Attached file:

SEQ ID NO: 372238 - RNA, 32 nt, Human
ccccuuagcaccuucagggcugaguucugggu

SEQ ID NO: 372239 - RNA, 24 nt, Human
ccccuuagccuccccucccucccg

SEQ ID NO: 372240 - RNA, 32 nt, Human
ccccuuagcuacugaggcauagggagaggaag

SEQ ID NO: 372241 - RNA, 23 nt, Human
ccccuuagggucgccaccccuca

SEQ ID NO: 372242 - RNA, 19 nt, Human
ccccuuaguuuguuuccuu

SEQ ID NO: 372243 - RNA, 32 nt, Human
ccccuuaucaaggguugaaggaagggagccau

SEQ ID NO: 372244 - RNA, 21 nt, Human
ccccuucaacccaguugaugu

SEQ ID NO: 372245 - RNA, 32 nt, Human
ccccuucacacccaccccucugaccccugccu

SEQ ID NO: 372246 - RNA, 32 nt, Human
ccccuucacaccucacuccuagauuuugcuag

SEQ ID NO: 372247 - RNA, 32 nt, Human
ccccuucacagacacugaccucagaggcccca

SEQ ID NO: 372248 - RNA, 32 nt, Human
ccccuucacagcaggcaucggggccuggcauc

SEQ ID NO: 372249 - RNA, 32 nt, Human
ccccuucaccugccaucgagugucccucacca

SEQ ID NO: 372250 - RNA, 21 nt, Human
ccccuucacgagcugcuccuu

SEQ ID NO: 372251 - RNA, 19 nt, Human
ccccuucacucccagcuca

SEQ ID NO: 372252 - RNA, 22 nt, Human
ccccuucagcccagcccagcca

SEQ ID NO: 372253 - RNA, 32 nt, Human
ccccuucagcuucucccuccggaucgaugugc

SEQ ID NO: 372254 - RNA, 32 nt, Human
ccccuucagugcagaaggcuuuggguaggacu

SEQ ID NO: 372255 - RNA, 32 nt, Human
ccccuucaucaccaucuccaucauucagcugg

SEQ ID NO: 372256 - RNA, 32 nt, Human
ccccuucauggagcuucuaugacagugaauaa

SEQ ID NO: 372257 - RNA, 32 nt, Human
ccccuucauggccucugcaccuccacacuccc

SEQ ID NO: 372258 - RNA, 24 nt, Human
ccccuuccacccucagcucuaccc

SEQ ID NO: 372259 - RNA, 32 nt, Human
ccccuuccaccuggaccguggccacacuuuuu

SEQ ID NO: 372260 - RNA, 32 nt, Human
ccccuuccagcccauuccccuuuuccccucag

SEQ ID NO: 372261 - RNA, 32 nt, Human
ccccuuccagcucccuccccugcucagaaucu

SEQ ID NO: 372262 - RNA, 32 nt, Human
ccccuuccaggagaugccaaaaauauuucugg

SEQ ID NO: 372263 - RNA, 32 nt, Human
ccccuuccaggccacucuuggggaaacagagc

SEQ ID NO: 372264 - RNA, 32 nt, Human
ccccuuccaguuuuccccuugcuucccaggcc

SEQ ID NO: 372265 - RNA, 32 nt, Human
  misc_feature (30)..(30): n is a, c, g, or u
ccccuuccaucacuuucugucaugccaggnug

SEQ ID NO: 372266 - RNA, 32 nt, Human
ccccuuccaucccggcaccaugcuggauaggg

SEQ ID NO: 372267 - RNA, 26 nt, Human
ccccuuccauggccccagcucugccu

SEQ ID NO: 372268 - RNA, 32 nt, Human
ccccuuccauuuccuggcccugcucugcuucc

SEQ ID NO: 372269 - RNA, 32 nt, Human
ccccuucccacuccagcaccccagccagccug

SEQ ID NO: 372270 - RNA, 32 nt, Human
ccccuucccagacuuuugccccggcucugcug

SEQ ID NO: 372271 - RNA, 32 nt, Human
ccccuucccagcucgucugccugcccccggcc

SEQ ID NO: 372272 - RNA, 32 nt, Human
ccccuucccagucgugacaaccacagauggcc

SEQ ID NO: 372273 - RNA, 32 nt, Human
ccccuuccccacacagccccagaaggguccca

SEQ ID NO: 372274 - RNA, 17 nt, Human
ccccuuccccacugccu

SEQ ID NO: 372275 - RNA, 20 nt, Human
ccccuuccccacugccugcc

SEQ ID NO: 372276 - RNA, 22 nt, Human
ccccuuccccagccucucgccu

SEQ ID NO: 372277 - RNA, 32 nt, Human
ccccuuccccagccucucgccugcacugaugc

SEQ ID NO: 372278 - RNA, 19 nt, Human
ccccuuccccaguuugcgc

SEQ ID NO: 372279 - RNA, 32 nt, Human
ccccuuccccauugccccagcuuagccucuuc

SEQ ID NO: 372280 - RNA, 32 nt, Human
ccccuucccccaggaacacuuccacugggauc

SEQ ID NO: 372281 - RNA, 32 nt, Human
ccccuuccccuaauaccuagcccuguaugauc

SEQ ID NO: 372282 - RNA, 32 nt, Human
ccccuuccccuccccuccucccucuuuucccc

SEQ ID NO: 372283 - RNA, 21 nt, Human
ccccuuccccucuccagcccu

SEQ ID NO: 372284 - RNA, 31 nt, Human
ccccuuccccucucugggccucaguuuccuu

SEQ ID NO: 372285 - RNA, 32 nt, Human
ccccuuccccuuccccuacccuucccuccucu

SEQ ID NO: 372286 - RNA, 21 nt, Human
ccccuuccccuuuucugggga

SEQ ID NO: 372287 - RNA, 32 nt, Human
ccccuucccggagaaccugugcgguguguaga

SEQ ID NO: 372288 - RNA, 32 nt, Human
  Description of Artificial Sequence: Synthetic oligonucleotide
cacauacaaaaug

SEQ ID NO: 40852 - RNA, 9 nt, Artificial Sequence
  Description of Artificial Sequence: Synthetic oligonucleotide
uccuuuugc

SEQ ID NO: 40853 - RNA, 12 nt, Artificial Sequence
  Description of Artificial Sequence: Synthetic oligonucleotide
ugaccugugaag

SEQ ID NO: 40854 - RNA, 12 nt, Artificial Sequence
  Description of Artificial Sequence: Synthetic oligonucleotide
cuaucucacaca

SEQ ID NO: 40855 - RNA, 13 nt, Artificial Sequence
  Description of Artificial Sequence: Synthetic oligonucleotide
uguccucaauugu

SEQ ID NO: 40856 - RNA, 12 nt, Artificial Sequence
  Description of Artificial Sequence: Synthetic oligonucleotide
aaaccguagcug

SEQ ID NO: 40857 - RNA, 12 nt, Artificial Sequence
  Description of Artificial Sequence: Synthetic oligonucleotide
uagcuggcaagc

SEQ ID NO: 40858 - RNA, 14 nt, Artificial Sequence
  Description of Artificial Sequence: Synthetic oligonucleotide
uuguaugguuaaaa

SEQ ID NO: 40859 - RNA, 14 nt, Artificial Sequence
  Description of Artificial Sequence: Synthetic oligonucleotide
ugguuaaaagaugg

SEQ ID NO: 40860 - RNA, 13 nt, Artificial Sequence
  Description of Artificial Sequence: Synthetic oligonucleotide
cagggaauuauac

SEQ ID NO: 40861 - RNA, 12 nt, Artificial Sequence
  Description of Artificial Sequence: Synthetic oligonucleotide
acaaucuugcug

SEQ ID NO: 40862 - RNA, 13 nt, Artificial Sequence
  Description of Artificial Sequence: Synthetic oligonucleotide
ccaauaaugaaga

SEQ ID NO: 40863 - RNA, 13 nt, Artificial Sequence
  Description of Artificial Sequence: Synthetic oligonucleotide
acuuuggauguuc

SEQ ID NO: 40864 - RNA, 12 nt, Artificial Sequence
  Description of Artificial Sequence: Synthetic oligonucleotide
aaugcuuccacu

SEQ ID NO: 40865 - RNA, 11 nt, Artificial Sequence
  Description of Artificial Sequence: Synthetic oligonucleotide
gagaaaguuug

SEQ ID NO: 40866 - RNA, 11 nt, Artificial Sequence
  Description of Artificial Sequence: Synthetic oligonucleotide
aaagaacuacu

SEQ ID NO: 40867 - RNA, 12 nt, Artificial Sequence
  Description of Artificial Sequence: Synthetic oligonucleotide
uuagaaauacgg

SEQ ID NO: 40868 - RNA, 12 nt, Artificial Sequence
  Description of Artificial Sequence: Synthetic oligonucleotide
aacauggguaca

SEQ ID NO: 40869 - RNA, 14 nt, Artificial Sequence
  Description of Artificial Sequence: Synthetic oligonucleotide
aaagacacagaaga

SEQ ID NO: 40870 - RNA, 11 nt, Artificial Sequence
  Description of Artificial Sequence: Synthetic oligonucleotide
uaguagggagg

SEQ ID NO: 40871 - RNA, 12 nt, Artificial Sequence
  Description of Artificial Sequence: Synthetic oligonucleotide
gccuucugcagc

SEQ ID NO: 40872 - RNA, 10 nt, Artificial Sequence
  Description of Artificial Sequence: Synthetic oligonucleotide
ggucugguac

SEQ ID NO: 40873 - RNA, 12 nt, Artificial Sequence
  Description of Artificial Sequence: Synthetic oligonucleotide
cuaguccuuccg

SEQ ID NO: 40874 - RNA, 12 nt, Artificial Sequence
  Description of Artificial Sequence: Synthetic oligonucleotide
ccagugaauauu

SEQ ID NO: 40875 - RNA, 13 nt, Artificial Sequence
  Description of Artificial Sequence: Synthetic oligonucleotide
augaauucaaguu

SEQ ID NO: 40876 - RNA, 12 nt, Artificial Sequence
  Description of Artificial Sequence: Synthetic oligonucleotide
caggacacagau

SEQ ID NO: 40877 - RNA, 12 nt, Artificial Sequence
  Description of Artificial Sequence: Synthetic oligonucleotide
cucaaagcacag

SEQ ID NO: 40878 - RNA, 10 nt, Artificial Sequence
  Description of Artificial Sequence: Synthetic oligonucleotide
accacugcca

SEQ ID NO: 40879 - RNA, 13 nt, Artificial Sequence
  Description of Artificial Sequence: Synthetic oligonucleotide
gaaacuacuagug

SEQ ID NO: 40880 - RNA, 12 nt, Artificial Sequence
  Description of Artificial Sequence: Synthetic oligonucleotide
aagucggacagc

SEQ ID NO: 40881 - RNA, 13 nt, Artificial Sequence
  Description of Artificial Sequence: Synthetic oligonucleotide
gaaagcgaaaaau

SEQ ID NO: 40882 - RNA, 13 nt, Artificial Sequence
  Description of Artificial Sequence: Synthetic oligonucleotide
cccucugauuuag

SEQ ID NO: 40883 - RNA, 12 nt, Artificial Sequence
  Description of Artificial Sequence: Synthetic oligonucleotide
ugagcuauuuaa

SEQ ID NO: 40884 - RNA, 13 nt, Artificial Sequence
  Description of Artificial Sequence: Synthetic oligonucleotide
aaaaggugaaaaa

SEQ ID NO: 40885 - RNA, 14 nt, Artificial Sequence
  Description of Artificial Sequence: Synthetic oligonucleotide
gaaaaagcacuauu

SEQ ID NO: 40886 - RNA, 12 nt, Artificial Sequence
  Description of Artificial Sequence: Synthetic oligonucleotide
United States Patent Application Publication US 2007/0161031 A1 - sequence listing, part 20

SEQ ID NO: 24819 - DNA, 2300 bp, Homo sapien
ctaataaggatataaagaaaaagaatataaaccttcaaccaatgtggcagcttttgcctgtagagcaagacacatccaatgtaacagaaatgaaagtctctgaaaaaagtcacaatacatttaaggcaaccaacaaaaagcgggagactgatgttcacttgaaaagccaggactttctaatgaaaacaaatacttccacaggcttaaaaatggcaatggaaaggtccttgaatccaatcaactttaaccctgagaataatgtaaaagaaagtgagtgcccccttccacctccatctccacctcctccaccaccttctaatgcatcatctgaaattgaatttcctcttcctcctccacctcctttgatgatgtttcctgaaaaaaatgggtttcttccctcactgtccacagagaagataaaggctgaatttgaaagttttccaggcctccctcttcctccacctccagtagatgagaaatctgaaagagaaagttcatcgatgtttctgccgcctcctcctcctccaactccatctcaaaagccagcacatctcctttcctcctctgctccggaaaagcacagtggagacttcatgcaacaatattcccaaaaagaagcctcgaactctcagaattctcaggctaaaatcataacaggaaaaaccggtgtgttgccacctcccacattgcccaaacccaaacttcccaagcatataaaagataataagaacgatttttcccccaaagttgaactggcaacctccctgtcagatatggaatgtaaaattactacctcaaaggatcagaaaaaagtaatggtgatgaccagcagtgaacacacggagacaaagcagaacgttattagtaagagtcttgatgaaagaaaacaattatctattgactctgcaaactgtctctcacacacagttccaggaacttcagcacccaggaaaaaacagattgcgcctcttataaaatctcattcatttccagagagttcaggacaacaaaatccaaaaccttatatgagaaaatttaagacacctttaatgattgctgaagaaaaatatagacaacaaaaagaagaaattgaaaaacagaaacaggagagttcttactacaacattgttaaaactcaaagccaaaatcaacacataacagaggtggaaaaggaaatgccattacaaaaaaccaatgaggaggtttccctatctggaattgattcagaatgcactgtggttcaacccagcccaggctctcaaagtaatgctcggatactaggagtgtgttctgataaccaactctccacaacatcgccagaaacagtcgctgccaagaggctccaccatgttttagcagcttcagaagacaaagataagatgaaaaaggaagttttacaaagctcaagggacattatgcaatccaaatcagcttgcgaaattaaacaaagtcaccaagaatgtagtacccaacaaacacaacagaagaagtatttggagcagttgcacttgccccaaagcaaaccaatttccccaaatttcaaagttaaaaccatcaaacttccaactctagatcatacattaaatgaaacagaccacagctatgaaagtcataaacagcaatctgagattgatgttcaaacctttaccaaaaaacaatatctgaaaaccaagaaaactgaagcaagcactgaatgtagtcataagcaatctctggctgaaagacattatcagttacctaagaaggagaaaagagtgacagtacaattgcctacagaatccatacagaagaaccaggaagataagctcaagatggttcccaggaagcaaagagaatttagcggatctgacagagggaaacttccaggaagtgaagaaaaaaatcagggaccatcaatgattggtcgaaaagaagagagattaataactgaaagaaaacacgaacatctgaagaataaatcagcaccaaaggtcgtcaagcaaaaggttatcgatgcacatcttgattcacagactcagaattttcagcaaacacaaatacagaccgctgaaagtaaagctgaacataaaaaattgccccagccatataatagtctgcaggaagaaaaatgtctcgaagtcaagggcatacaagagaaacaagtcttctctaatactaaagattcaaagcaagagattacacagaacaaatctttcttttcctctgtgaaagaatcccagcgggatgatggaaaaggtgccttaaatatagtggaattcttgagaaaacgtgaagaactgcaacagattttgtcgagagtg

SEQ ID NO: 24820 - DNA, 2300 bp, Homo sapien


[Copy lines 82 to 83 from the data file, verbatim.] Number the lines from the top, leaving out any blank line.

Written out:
SEQ ID NO: 372278 - RNA, 19 nt, Human
ccccuuccccaguuugcgc